Child Support Agreements
Separated parents can make a private agreement about child support that does not involve the court or the Child Support Service. They may do this as part of a formal, written separation agreement. However, if they want a court order of support or a divorce, the amount of support must be reasonable. Visit the Child Support Guidelines section of this website for more information.
Are agreements binding?
The courts do not see agreements on child support to be binding like other contracts. For example, the court will not consider a parent who has the majority of parenting time to be bound by an agreement for child support, if that agreement is significantly less than the children would get under the guidelines and there are no other benefits to the children in the agreement that would make it fair.
What information is included in an agreement?
Agreements usually include information on the parents’ incomes at the time the agreement is made. They specify how long the support is to be paid (e.g., until the child is 18 or completes his or her first university degree). Most agreements also state that the parents can amend the agreement if an important change occurs, and if they cannot agree on the change, either can apply to the court for an order. Agreements often contain much more detail about support arrangements than the usual court order. Although the Maintenance Enforcement Program can enforce certain support agreements, as well as support orders, the program cannot do so if the provisions of the agreement are unclear or otherwise unsuitable for enforcement.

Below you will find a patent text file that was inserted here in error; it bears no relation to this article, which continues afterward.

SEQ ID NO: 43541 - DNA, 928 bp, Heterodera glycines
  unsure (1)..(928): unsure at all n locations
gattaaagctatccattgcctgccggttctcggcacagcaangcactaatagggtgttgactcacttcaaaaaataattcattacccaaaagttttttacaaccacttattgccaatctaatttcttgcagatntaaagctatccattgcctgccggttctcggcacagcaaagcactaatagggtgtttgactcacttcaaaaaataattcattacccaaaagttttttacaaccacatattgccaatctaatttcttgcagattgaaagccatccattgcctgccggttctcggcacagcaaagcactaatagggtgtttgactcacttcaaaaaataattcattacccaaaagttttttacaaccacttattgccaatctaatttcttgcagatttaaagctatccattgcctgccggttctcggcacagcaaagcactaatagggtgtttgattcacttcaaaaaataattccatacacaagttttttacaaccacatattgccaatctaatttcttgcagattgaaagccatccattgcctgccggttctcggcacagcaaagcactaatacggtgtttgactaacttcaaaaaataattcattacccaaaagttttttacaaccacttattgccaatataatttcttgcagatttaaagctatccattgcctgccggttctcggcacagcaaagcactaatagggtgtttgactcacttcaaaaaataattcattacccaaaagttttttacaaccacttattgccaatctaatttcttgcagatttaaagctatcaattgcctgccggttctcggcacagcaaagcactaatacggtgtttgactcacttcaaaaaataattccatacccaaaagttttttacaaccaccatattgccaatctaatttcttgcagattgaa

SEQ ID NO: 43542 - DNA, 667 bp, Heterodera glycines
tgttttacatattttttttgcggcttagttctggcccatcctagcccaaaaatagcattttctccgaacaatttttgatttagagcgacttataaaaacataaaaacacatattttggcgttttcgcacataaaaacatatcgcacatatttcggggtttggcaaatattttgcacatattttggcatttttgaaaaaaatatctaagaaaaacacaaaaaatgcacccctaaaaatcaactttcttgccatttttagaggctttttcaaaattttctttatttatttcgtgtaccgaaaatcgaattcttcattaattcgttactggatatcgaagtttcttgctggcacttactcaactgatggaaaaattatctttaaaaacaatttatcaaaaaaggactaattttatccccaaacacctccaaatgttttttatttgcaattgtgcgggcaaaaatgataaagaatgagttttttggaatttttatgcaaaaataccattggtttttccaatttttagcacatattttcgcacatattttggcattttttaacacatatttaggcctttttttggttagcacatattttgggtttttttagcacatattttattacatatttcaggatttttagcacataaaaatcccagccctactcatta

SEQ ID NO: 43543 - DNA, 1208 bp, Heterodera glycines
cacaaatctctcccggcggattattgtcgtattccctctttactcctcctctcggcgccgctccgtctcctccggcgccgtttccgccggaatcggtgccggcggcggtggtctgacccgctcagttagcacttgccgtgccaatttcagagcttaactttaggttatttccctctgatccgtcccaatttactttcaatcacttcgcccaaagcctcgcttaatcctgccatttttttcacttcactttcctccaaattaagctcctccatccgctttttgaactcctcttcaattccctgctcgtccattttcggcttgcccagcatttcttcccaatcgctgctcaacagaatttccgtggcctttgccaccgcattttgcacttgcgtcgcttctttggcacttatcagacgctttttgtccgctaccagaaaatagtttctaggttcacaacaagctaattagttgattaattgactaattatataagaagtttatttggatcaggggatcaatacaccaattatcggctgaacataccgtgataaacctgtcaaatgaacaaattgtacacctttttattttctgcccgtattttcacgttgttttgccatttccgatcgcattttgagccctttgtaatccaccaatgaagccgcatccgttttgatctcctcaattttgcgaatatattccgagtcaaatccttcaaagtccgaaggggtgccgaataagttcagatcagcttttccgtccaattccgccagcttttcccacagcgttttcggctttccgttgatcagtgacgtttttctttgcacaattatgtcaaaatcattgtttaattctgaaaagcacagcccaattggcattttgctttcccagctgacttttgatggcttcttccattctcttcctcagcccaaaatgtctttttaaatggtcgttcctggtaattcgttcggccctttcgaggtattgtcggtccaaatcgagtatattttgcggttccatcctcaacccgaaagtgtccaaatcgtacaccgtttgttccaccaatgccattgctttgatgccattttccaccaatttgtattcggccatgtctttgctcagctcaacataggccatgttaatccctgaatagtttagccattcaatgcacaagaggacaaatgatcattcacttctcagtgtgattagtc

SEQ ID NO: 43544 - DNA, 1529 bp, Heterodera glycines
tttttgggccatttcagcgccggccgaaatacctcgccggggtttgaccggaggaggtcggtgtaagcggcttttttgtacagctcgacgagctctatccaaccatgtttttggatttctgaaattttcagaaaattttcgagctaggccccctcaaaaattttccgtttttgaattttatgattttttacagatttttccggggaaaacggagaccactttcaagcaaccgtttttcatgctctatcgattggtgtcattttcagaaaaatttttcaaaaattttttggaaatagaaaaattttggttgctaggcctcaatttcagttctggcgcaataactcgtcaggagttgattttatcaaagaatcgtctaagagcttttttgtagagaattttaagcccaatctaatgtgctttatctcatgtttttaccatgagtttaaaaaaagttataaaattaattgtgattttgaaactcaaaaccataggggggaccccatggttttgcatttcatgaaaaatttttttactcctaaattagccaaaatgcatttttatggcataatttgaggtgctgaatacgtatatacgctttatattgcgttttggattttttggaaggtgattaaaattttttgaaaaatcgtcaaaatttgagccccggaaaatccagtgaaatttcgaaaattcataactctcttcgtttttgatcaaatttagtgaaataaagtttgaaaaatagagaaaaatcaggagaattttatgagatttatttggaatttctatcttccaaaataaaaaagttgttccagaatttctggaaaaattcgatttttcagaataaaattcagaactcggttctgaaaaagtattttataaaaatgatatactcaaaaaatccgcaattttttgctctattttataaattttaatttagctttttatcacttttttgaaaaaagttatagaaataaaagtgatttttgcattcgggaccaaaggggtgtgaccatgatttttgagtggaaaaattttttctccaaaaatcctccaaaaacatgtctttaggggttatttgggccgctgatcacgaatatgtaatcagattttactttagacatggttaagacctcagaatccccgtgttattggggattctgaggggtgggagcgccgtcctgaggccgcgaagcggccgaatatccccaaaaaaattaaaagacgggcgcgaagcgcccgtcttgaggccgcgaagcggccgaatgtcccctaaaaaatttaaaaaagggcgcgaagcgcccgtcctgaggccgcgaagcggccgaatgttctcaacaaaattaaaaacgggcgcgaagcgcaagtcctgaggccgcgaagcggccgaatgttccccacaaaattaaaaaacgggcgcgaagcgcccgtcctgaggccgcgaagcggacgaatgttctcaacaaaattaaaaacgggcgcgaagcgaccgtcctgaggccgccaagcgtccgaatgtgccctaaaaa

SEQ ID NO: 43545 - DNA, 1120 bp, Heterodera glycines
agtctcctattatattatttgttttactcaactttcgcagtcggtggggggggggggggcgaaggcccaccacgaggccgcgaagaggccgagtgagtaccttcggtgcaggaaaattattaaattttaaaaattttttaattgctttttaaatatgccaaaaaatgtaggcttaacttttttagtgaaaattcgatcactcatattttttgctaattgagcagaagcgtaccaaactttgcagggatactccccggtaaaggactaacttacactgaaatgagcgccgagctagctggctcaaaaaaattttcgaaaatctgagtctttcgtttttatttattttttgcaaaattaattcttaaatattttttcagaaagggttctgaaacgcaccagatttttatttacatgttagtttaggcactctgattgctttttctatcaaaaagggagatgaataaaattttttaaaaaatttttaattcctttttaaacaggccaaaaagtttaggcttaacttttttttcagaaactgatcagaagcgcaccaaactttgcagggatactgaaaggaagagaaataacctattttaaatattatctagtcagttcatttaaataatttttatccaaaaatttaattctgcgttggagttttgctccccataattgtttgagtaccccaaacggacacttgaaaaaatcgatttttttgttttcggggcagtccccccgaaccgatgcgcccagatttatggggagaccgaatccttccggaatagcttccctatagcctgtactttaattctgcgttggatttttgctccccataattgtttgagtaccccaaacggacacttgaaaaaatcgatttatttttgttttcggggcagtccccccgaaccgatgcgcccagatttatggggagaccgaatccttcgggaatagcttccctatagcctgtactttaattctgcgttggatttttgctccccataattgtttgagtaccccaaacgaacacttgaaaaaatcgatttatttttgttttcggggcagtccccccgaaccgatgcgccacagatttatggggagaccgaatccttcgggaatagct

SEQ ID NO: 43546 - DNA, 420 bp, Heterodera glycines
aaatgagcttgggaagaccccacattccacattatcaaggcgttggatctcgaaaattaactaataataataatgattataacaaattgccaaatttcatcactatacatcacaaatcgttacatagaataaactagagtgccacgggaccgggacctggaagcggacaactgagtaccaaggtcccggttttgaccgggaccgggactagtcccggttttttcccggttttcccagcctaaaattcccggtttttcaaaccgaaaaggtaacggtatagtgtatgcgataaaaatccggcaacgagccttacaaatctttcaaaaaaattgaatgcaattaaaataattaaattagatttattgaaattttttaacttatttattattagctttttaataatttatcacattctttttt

Can family arbitration awards include child support?
Family arbitration awards may include child support. If the award is made in compliance with recent amendments to The Arbitration Act, child support included in the award will have the same effect as a child support order or administrative decision of the Child Support Service and may be enforced by the Maintenance Enforcement Program.